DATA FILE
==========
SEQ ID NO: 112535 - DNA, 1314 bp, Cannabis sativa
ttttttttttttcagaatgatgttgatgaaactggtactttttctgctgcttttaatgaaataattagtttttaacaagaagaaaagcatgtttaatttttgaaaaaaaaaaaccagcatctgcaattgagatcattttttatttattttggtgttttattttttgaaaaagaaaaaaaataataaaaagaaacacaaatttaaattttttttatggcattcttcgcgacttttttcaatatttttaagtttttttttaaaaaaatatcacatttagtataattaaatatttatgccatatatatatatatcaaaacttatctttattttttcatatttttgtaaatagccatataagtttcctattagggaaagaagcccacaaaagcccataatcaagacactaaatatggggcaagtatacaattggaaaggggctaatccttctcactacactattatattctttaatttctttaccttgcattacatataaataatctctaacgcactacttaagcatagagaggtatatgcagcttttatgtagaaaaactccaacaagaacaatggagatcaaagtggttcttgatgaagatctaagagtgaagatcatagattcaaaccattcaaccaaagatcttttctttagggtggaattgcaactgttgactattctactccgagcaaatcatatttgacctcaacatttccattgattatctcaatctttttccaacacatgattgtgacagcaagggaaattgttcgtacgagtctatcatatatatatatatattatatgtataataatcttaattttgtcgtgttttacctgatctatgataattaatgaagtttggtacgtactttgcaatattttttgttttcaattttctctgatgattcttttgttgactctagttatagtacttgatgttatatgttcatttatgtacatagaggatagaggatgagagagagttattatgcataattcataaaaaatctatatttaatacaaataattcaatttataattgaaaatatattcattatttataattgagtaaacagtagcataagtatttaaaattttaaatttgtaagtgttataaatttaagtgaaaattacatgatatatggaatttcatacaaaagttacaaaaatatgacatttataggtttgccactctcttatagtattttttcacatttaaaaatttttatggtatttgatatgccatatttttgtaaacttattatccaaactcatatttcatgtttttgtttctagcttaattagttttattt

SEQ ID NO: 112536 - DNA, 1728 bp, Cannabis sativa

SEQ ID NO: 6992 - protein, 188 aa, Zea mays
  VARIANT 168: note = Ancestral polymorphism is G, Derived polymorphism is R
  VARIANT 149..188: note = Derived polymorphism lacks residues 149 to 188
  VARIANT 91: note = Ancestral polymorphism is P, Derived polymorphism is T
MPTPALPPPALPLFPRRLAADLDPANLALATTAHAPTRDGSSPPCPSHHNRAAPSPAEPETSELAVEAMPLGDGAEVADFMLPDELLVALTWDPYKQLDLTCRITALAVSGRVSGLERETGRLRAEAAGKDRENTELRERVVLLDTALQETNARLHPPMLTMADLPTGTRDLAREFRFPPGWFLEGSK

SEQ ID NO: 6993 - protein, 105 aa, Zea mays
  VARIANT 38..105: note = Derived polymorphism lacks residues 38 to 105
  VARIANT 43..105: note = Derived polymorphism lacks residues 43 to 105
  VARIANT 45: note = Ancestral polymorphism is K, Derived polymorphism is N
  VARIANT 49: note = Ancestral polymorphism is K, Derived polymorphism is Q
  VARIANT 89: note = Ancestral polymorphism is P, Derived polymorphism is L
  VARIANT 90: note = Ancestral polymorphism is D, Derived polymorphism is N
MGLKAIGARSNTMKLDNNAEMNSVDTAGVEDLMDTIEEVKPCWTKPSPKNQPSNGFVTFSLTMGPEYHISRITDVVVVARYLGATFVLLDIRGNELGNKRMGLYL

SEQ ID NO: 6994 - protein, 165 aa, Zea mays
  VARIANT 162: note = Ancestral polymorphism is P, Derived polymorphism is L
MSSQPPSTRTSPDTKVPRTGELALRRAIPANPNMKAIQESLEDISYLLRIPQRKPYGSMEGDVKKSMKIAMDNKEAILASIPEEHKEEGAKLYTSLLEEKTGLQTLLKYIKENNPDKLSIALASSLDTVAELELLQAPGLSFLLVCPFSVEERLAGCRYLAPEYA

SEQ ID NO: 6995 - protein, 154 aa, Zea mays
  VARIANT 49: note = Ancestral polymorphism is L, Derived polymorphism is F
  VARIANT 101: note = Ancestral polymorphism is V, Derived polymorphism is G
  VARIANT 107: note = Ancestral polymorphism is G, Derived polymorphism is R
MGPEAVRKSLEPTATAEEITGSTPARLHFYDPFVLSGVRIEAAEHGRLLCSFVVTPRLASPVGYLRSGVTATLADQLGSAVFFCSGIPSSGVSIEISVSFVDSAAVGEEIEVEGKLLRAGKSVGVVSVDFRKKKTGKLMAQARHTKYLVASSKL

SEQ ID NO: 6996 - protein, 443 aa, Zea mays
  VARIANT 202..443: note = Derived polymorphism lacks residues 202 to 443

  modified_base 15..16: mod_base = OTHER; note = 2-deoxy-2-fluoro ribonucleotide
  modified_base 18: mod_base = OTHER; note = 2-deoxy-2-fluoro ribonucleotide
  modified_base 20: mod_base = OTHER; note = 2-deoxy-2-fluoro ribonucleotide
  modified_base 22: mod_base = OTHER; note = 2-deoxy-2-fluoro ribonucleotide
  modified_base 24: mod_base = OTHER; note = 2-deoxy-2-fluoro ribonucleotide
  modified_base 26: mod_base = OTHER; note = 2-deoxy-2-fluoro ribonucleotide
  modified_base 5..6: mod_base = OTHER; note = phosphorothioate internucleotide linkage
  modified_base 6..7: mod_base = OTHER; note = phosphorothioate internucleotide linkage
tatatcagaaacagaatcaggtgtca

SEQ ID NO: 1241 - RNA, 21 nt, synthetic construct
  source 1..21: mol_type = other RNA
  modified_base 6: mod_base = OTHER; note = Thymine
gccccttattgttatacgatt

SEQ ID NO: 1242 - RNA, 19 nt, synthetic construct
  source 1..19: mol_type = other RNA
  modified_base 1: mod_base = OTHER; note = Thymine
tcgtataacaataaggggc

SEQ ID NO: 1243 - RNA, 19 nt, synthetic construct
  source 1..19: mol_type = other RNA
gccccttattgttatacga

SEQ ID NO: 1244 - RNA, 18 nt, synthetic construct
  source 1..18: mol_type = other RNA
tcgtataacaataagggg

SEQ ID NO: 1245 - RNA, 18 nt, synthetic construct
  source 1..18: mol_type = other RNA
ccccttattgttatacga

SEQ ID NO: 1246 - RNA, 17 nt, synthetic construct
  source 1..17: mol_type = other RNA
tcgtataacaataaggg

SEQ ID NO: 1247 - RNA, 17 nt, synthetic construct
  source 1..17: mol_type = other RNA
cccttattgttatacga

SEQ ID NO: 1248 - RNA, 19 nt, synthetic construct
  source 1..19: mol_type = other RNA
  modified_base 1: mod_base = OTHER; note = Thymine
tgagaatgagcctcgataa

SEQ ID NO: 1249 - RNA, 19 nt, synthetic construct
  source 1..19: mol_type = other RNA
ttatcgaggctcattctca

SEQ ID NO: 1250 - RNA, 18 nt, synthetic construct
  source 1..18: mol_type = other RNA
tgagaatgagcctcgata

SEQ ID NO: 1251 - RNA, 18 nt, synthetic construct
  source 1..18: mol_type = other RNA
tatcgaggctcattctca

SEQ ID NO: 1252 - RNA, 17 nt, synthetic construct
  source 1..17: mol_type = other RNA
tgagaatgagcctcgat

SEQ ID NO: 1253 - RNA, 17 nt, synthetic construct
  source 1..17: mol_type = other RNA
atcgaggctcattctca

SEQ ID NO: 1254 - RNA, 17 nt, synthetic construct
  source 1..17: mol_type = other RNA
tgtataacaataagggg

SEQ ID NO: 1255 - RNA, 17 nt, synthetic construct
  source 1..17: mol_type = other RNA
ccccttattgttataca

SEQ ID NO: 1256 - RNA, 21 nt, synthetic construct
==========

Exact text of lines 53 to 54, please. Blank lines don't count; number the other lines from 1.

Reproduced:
SEQ ID NO: 1246 - RNA, 17 nt, synthetic construct
  source 1..17: mol_type = other RNA